ZFIN ID: ZDB-PUB-010927-2
Activity regulates programmed cell death of zebrafish Rohon-Beard neurons
Svoboda, K.R., Linares, A.E., and Ribera, A.B.
Date: 2001
Source: Development (Cambridge, England)   128(18): 3511-3520 (Journal)
Registered Authors: Novak, Alicia, Ribera, Angie, Svoboda, Kurt
Keywords: programmed cell death; Rohon-Beard neurons; zebrafish; neural activity; Na+ current; macho mutant
MeSH Terms:
  • Acetylation
  • Aminobenzoates/pharmacology
  • Anesthetics/pharmacology
  • Animals
  • Apoptosis*
  • Cations, Monovalent/metabolism
  • Electric Conductivity
  • Mutation
  • Physical Stimulation
  • Sodium/metabolism
  • Sodium Channels/genetics
  • Sodium Channels/metabolism*
  • Spinal Cord/cytology
  • Spinal Cord/embryology*
  • Touch
  • Tubulin/analogs & derivatives
  • Tubulin/metabolism
  • Zebrafish/embryology*
PubMed: 11566856
ABSTRACT
Programmed cell death is a normal aspect of neuronal development. Typically, twice as many neurons are generated than survive. In extreme cases, all neurons within a population disappear during embryogenesis or by early stages of postnatal development. Examples of transient neuronal populations include Cajal-Retzius cells of the cerebral cortex and Rohon-Beard cells of the spinal cord. The novel mechanisms that lead to such massive cell death have not yet been identified. We provide evidence that electrical activity regulates the cell death program of zebrafish Rohon-Beard cells. Activity was inhibited by reducing Na(+) current in Rohon-Beard cells either genetically (the macho mutation) or pharmacologically (tricaine). We examined the effects of activity block on three different reporters of cell death: DNA fragmentation, cytoskeletal rearrangements and cell body loss. Both the mao mutation and pharmacological blockade of Na(+) current reduced these signatures of the cell death program. Moreover, the mao mutation and pharmacological blockade of Na(+) current produced similar reductions in Rohon-Beard cell death. The results indicate that electrical activity provides signals that are required for the normal elimination of Rohon-Beard cells.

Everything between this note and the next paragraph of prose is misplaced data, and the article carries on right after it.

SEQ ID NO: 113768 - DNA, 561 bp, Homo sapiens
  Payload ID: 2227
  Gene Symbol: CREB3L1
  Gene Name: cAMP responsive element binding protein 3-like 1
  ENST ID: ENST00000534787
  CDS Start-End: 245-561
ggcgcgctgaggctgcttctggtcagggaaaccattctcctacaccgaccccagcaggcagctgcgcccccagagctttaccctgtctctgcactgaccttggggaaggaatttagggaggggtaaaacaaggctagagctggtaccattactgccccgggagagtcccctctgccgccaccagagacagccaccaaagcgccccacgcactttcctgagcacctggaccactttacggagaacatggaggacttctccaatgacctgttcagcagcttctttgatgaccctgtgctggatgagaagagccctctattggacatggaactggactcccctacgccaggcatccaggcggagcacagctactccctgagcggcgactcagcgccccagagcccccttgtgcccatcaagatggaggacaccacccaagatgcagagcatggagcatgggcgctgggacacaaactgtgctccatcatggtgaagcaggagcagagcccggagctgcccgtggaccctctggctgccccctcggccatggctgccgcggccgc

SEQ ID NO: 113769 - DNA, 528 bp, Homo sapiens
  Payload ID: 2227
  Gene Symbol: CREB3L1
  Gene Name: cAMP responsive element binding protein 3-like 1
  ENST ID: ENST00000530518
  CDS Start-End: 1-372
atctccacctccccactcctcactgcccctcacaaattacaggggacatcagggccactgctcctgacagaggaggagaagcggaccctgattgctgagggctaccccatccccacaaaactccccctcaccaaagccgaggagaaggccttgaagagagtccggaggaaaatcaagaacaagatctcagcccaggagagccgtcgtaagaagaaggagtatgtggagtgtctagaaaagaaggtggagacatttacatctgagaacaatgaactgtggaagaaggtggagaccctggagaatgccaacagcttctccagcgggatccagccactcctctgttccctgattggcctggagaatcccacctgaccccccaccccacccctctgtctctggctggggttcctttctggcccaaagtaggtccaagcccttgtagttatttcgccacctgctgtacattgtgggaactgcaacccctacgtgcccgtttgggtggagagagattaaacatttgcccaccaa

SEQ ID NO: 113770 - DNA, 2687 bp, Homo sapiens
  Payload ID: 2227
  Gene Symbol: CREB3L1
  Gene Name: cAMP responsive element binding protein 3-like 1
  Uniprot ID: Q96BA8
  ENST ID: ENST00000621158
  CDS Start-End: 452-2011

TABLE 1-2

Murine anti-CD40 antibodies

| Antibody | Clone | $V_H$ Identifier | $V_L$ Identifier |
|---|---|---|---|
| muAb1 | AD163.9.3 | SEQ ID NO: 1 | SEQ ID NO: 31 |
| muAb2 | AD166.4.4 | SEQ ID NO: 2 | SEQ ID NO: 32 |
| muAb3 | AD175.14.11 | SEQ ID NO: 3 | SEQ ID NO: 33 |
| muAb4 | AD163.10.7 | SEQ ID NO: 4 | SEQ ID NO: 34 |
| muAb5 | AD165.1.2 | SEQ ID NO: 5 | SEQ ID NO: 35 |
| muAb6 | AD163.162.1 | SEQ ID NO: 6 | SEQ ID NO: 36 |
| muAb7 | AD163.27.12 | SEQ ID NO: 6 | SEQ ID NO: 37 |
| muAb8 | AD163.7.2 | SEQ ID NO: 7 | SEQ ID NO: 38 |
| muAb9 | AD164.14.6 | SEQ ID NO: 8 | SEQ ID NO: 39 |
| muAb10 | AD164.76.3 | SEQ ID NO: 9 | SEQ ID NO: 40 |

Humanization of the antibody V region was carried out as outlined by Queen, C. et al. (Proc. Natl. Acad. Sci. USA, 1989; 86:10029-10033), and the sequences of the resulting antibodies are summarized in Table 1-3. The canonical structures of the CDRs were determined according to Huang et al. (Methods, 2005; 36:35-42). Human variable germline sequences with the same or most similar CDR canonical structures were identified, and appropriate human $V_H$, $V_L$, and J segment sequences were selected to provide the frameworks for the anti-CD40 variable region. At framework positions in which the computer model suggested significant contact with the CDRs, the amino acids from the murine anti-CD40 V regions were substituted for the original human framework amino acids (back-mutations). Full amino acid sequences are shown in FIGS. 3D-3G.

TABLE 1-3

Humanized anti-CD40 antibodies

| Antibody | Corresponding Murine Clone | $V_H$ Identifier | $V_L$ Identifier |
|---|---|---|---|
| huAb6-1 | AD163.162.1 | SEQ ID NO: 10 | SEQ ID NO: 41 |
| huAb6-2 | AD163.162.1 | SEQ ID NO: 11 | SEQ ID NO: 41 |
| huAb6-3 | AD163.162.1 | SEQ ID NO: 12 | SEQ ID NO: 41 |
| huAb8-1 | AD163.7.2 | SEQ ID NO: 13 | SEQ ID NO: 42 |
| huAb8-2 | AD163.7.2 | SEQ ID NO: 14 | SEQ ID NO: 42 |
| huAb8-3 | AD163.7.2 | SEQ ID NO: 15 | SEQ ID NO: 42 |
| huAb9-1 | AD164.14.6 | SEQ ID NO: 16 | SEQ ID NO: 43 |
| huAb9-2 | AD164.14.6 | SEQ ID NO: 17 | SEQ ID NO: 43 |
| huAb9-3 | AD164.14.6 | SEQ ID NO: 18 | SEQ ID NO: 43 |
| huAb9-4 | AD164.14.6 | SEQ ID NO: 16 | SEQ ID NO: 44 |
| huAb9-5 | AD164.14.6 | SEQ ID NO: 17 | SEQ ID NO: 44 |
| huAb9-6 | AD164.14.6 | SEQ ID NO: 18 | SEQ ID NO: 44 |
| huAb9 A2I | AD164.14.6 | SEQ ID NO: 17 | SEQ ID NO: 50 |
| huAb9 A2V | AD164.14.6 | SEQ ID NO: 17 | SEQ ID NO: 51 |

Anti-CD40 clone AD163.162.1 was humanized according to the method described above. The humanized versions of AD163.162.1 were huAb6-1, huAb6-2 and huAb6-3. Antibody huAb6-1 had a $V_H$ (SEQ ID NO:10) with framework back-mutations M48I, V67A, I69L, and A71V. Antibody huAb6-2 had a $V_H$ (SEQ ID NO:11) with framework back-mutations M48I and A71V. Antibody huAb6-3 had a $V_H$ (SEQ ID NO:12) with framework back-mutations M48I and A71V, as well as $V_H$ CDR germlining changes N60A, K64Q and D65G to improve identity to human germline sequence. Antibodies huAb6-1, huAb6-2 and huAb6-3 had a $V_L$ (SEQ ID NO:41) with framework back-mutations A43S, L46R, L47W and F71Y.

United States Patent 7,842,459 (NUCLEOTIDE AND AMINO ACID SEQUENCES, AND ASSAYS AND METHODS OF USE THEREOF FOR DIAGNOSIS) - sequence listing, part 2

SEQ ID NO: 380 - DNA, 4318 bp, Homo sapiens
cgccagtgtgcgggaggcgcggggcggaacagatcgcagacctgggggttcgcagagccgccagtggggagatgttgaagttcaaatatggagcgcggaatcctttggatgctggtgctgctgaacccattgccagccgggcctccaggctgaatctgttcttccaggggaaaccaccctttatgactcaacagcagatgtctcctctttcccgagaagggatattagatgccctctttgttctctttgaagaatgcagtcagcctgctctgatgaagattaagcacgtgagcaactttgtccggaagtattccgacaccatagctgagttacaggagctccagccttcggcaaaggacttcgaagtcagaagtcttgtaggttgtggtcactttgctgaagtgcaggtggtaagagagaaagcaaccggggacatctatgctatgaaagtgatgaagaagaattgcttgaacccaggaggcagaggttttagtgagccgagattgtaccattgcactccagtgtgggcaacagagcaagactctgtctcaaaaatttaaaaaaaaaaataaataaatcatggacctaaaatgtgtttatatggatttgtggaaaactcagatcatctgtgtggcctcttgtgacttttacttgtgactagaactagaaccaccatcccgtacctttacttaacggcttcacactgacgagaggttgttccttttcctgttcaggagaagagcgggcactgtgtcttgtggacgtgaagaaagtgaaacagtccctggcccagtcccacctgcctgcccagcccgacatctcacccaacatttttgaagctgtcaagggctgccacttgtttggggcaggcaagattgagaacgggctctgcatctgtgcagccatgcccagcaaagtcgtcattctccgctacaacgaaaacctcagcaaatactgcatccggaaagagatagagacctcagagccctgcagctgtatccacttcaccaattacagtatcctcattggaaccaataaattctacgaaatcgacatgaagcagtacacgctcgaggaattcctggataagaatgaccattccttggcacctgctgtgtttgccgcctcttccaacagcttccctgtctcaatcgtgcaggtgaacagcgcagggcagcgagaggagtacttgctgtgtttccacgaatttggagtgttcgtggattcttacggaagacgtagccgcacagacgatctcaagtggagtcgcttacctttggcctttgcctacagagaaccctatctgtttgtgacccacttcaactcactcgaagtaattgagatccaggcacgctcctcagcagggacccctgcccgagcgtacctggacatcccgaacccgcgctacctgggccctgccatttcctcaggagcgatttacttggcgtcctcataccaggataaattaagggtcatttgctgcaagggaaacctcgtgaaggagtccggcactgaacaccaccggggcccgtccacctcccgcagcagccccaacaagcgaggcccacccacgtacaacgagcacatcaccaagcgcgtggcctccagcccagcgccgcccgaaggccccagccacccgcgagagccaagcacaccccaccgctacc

ADDITIONAL INFORMATION